Monday, June 17, 2024

The Fascinating History Of Eid-l-Maolud 


Maolud Nabiyy, otherwise known as Eid-l-mawlid to Muslims, is the celebration to Mark the Birth of the Prophet Muhammad(S.A.W) every 12th day of Rabi’ul Awwal, the third month in the Muslim’s Hijri calendar. Maolud Nabiyy is observed annually in the Islamic world by a public gathering of Muslims to praise the names of the holy Prophet Muhammad(S.A.W) and his attributes and preach his teachings about Islam. 

Maolud Nabiyy was not celebrated during the prophet’s lifetime but became a worldwide celebration when the first Muslim ruler, Muzaffar al-Din Gökböri (d. 630/1233), was said to have officially celebrated the birth of Prophet Muhammad in a memorable ceremony and was declared an official public holiday by the Ottomans in 1588. 


Before Mawlid was recognized worldwide, the Tabi’un (the generation of Muslims who followed the Sahābahs), the successors of the prophet’s companion, had held sessions to recite poetry in honor of the Prophet. In the early days of Islam, the observation was born in the mawlid place meant for the processions. The ruler plays an essential role during the celebration; Quran recitations and sermons are the day’s presentations. 

In the encyclopedia of the Prophet, the importance of the event was traced back to when Prophet Muhammad fasted on a Monday, referring to the observation day as his birth date. Although the prophet’s exact birthdate is unknown, Umar had reasoned it would be one of the earliest months in the Hijri calendar. It was reported that the Fatimids (descendants of Ali, the fourth Caliph, and Fatimah, the daughter of the prophet) ruling Egypt through the 11th century observed four Mawlids festivals, held in daylight hours with Khutbah (sermons) processions while the Caliph was present. 

The Origins of how the Mawlid started are untraceable. As a result, the Sunnis regarded the Mawlid as celebrated in 1207 and organized by Muzaffar al-Din Gökböri, the brother-in-law of the Ayyūbid sultan Saladin, at Erbil, near Mosul (Iraq) as the first.  Entertainers, including Islamic scholars and poets from far and near, would come two months before Mawlid’s fixed date. Animals like sheep, camel, and Ox were sacrificed two days before the actual celebration day of mawlid. Much merriment is attached to the observation of Mawlid that the festival was imitated worldwide. 

However, some groups of Muslims considered the new festival, in the name of the prophet’s remembrance and commemoration of his birth date, idolatry for the excessive way of such an event and regarded as possibly leading to sin.  

The Shafi’i scholar As-Suyuti (d 911 A.H.), a Sunni scholar, wrote a fatwa on Maolud / Mawlid that was accepted and welcomed outside Egypt. As-Suyuti was known as Mujaddid ( a scholar who restored Islam in a particular era ), stated that: 

“My answer is that the legal status of the observance of the Mawlid – as long as it just consists of a meeting together by the people, a recitation of opposite parts of the Qur’an, the recounting of transmitted accounts of the beginning of (the biography of) the Prophet – may God bless him and grant him peace – and the wonders that took place during his birth, all of which is then followed by a banquet that is served to them and from which they eat-is a good innovation (bid’a Hasana), for which one is rewarded because of the esteem shown for the position of the Prophet – may God bless him and grant him peace – that is implicit in it, and because of the expression of joy and happiness on his – may God bless him and grant him peace – noble birth.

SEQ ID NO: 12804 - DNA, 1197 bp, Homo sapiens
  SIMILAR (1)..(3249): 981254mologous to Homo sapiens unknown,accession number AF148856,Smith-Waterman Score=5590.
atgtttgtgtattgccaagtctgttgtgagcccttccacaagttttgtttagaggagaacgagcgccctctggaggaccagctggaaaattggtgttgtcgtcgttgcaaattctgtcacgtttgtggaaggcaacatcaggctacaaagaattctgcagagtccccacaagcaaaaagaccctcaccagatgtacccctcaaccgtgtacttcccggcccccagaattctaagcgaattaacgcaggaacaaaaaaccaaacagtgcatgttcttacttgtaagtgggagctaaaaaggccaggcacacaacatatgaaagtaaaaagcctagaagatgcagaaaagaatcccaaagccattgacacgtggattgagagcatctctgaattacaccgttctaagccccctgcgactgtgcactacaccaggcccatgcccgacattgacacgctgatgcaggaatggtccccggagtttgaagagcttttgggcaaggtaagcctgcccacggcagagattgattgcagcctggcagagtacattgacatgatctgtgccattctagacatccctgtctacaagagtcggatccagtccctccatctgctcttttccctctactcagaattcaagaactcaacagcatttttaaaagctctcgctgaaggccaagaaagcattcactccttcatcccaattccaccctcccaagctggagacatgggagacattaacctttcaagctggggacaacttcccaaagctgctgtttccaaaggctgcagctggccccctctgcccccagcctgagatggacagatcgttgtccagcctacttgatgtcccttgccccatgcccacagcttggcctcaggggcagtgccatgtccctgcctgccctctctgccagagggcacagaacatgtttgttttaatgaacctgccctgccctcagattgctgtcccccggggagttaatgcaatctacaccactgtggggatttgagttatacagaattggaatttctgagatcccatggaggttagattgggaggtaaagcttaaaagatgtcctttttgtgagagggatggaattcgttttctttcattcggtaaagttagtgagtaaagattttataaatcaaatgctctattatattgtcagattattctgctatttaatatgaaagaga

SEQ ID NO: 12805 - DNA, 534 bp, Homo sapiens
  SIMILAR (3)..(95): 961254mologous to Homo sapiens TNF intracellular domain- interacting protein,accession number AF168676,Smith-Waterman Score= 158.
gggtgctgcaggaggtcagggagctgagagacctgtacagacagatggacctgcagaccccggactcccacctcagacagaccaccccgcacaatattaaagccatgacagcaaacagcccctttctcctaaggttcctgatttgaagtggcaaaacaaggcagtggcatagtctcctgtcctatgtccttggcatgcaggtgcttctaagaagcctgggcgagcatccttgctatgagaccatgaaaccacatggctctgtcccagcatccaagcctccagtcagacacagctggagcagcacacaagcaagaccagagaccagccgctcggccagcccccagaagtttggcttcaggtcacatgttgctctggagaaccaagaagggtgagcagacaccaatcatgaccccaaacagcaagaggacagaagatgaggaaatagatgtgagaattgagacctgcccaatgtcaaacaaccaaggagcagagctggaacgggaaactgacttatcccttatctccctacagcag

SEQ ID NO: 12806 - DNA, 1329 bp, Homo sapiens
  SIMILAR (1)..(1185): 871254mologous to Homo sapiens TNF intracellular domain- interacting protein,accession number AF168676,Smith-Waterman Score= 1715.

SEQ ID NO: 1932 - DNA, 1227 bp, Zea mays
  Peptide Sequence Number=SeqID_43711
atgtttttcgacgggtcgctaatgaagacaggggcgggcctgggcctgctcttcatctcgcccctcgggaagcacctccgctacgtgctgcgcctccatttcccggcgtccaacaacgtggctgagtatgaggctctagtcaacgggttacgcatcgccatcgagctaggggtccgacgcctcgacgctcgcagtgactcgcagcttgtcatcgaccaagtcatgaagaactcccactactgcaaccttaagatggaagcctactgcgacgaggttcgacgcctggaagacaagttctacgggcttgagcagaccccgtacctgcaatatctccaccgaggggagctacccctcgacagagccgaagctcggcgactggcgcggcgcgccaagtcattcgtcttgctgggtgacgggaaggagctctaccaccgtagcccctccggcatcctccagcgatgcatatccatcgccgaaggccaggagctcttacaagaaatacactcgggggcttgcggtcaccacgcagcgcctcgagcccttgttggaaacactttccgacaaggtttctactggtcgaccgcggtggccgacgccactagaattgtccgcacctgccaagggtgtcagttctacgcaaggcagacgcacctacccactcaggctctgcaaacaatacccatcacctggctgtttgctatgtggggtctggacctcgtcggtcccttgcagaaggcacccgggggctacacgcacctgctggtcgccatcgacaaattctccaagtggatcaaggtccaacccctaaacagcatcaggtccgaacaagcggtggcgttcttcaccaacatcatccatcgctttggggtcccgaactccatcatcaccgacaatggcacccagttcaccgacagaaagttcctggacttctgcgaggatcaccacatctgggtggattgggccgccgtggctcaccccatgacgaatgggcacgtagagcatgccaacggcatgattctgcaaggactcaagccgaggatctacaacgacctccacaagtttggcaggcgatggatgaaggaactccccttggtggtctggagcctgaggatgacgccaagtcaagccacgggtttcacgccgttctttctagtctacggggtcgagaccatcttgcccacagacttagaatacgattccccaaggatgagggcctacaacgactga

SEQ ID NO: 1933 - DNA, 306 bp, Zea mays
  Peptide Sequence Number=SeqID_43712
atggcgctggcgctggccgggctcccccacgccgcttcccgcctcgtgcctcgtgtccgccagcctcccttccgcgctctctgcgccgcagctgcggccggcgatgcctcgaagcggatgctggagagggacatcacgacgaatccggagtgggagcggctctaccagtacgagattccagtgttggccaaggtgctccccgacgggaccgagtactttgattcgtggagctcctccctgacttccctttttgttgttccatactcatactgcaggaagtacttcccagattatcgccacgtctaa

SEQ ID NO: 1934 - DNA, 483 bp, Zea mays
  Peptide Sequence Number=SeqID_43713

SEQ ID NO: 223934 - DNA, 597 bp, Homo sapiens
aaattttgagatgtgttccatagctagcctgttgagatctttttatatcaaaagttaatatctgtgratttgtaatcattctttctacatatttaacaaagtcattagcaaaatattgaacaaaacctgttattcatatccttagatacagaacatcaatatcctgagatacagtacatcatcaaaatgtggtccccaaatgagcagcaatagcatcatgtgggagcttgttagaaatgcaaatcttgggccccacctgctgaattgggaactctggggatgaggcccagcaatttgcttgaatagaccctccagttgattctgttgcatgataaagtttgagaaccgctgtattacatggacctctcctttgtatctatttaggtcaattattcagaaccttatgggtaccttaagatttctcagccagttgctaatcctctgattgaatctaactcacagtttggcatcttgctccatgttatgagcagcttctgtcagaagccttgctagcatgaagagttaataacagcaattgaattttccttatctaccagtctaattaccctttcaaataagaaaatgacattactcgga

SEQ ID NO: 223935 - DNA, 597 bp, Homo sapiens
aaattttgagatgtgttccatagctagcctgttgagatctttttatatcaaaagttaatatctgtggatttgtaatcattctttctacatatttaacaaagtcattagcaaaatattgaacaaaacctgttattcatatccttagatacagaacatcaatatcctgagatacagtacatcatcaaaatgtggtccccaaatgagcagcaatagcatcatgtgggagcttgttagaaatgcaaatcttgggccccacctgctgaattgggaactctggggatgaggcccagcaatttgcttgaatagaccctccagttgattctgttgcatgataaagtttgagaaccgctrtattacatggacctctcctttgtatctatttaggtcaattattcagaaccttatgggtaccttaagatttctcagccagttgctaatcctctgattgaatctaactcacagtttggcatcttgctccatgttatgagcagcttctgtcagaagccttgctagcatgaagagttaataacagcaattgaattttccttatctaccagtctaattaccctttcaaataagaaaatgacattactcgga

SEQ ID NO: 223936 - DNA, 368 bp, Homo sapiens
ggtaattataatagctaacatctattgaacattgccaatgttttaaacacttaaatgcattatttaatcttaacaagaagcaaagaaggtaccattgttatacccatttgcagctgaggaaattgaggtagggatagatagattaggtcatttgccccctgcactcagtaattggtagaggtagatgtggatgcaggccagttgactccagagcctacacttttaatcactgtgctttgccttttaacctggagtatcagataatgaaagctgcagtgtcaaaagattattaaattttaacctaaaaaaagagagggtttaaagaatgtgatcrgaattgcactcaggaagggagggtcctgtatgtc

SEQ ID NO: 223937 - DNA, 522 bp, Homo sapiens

As-Suyuti claimed that “because a matter is not known, it does not necessarily follow that the matter does not exist nor ever has existed.” He also said that the Law permits utterance of appreciation for benefactors and that the Prophet had stipulated the ritual after the birth of a child as this would express gratitude and pleasure for the newborn. 

The Shafi’i scholar Ibn Hajar al-Asqalani (d 852 A.H.) is one of the Muslim elites that approved of the Mawlid celebration; he said:

As for what is performed on the day of the Mawlid, one should limit oneself to what expresses thanks to God, such as the things that have already been mentioned: [Qur’anic] recitation, serving food, alms-giving, and recitation of praise [poems] about the Prophet – may God bless him and grant him peace – and asceticism which motivate people to perform good deeds and act in view of the next world.

To date, Eid-l-mawlid or Maolud Nabiyy is celebrated majorly in every Islamic world, with Qatar and Saudi Arabia being the exception as it is forbidden to observe the such event in that manner of celebration and merriment or pose the fixed date as a public holiday. All in all, the festivals are grandly celebrated for the love of the holy prophet. 

Maolud Nabiyy in Nigeria

Maolud Nabiyy is celebrated differently in every country. In Nigeria, the month of Rabi’ul Awwal(the month of Birth) on the day of Maolud, there is a public holiday to observe the celebration. Sermons and the prophet’s message are passed in public gatherings on the attributes of the holy prophet and his guidance from his life as a messenger of Allah. Muslims hold special prayers in mosques or places for public gatherings in which peace and blessings in Salawat were sent upon Prophet Muhammad(S.A.W). In some homes, children are told the stories of the holy prophet on the day of Maolud Nabiyy. 

Nowadays, every household in some part of the country has private gatherings to celebrate the Mawlid, among others. 

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